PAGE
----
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Flashcards in Human Circulation/Immunology Deck (33)
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Name the four chambers of the heart.

Right Atrium
Left Atrium
Right ventricle
Left ventricle


Compare the Atrium and the ventricles

The two atria are located at the top of the heart and receive incoming blood from the body.
The two ventricles are below the atria and pump blood out of the heart to the body.


Compare artery and veins

Artery: a thick-walled vessel that carries blood from the heart to the tissues.
Vein: a vessel that carries blood from the tissues to the heart.


What is the aorta?

The major artery of the body. It carries oxygenated blood from the left ventricle to the body.


What is the vena cavae?

The largest vein in the body; it brings blood from all parts of the body (except the lungs) to the right atrium.


What is the pulmonary artery?

A blood vessel leading from the right ventricle to the lungs. Contains deoxygenated blood.


What is the pulmonary vein?

A blood vessel that carries oxygenated blood from the lungs to the left atrium.


What are capillaries?

Tiny thin-walled blood vessels that connect the smallest attires and veins and allows the exchange of nutrients and wage between the blood and tissues.


What are Arteriole and Venule?

Small arteries and small veins.


What is the Hepatic Vein?

A vessel that carries blood from the liver to the inferior vena cava.


Summarise the circulatory route in the body. Begin with blood returning to the heart.

Vena cava, right atrium, right ventricle, pulmonary artery, lung capillaries, pulmonary veins, left atrium, left ventricle, aorta.


What are the four principal organs of the immune system?

Lymph nodes.
bone marrow.


What is lymph fluid?

A watery fluid that originates from blood plasma; contained in small vessels called lymphatics. It is similar to interstitial fluid.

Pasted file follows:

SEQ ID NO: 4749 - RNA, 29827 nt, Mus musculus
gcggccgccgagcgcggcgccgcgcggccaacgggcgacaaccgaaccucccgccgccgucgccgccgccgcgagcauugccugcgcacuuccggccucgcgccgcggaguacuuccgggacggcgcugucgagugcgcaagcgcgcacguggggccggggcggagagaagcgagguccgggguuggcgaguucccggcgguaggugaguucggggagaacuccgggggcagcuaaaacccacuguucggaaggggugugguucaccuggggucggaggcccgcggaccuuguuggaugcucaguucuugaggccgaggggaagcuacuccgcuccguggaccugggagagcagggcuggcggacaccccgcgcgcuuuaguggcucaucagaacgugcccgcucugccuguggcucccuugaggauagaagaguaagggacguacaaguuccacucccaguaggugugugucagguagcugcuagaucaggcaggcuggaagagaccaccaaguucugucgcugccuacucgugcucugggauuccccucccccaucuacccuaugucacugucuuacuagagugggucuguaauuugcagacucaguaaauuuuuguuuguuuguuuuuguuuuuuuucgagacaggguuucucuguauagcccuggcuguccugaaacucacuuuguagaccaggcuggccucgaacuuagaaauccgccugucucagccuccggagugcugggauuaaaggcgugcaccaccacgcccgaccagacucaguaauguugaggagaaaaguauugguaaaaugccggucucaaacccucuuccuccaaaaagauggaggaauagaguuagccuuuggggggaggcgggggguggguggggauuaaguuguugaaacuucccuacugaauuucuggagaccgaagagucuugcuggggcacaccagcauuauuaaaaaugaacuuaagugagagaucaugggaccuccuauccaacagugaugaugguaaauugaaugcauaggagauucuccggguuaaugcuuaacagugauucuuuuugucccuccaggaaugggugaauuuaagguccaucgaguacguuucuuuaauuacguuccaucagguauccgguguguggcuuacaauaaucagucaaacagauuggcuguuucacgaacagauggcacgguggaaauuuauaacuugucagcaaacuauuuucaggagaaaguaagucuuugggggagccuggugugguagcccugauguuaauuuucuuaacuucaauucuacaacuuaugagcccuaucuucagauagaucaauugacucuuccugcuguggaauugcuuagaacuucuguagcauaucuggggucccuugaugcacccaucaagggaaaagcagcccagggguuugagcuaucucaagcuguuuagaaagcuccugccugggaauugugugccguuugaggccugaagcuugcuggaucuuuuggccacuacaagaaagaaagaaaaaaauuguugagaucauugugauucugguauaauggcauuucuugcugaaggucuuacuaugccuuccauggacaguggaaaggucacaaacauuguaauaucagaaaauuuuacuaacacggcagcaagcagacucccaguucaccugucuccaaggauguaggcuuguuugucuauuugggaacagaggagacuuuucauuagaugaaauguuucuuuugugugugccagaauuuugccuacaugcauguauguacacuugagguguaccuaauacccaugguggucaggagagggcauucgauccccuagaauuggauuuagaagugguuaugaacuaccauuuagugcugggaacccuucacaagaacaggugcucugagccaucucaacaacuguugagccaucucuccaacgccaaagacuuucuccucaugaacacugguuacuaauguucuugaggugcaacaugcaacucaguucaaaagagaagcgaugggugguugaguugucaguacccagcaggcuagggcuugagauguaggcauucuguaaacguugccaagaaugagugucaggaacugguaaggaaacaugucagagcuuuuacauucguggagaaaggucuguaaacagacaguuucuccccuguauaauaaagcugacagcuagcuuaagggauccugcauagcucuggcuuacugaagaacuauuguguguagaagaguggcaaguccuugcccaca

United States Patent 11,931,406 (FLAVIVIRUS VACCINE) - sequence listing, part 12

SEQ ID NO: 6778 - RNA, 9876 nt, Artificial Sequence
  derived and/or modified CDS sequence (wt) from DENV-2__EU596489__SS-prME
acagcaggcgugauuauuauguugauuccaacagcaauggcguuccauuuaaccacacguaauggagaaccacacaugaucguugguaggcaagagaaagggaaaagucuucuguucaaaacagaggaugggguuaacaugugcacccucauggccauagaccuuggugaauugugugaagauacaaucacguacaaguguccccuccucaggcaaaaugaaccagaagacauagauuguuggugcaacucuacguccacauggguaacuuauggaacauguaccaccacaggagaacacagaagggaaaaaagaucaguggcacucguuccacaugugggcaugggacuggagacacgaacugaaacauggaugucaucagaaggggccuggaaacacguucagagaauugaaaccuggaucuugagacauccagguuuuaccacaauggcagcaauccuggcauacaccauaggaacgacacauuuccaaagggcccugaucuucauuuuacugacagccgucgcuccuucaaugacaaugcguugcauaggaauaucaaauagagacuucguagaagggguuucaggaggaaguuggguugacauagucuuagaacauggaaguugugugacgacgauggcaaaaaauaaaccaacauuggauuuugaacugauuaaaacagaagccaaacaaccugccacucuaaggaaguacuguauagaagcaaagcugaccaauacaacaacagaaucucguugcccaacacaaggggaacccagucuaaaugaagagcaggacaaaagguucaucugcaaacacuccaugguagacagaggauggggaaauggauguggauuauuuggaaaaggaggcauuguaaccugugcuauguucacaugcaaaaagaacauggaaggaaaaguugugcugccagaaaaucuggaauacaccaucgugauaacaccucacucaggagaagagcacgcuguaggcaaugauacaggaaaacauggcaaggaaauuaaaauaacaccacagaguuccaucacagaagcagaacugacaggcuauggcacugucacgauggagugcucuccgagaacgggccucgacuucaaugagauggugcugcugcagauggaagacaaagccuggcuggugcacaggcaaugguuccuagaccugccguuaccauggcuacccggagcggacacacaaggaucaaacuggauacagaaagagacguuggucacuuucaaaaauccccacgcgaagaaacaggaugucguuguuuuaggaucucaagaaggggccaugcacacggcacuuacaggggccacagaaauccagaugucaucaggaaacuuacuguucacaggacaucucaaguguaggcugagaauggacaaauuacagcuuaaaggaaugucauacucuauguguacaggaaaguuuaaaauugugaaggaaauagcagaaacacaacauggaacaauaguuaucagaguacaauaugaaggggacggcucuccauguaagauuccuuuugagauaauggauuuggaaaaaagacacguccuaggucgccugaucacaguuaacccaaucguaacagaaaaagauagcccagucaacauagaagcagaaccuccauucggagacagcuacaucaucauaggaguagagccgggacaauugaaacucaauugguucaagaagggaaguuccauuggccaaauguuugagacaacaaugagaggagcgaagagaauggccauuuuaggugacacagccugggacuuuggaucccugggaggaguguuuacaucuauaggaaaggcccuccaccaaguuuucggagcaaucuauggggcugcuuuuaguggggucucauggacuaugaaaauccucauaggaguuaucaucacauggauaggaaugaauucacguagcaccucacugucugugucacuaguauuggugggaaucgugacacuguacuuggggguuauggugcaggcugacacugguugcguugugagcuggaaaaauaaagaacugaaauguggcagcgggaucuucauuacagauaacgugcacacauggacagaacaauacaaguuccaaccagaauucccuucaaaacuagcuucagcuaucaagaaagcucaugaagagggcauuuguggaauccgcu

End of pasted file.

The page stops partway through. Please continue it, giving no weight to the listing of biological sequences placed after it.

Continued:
Thoracic (Lymphatic Duct)

Large duct that receives lymph drained from entire lower body as well as the upper left extremity and left side of the head and thorax. (chest cavity)


What are lymph Nodes?

Small lymphatic organ that filters dead cells and foreign particles from the lymph; contains macrophages and lymphocytes.


What is plasma?

The liquid part of the blood; contains water, proteins alts, sugars and fats.


What are the three cellular components of blood?

- red blood cells ( erythrocytes)
White blood cells (leukocytes)
platelets (thrombocytes)
Platelets are cell fragments.


What are stem cells?

A precursor cell to both red and white blood cells; found in the bone marrow.


What are Leukocytes?

White blood cells:

first line of defines against invading micro-organisms.
includes lymphocytes, macrophages and monocytes.


What are Macrophages?

A white blood cell that ingests infectious bacteria and foreign particles via phagocytosis.


What are monocytes?

a large, circulating white blood cell, formed in bone marrow and in the spleen, that ingests foreign material.


What are T Lymphocytes?

A type of white blood cell involved with cell-mediated immunity and interactions with B cells; produced in the thymus.


What are B Lymphocytes?

A type of white blood cell that is capable of making and selecting a specific type of antibody once it comes into contact with the corresponding antigen.


What are erythrocytes?

Red blood cells: produced in bone marrow; containing haemoglobin, lacks a nucleus when mature.


What is haemoglobin?

An iron-containing protein in red blood cells that caries oxygen,


What are Platelets?

A cell fragments in the blood that releases substances to begin clot formation.


What are the four blood types resulting for the ABL blood group.

A, B, AB, O.


What is agglutination.

Clumping of cells induced by an interaction between antibodies and antigens.


What is an Antigen?

An antigen is a foreign substance (usually protein or poly saccharide_ that induces an immune response and interacts with specific antibodies.


What an an Antibody?

A protein that is produced by lymphocytes in response to a foreign antigen; antigens bind to antigens to cause agglutination.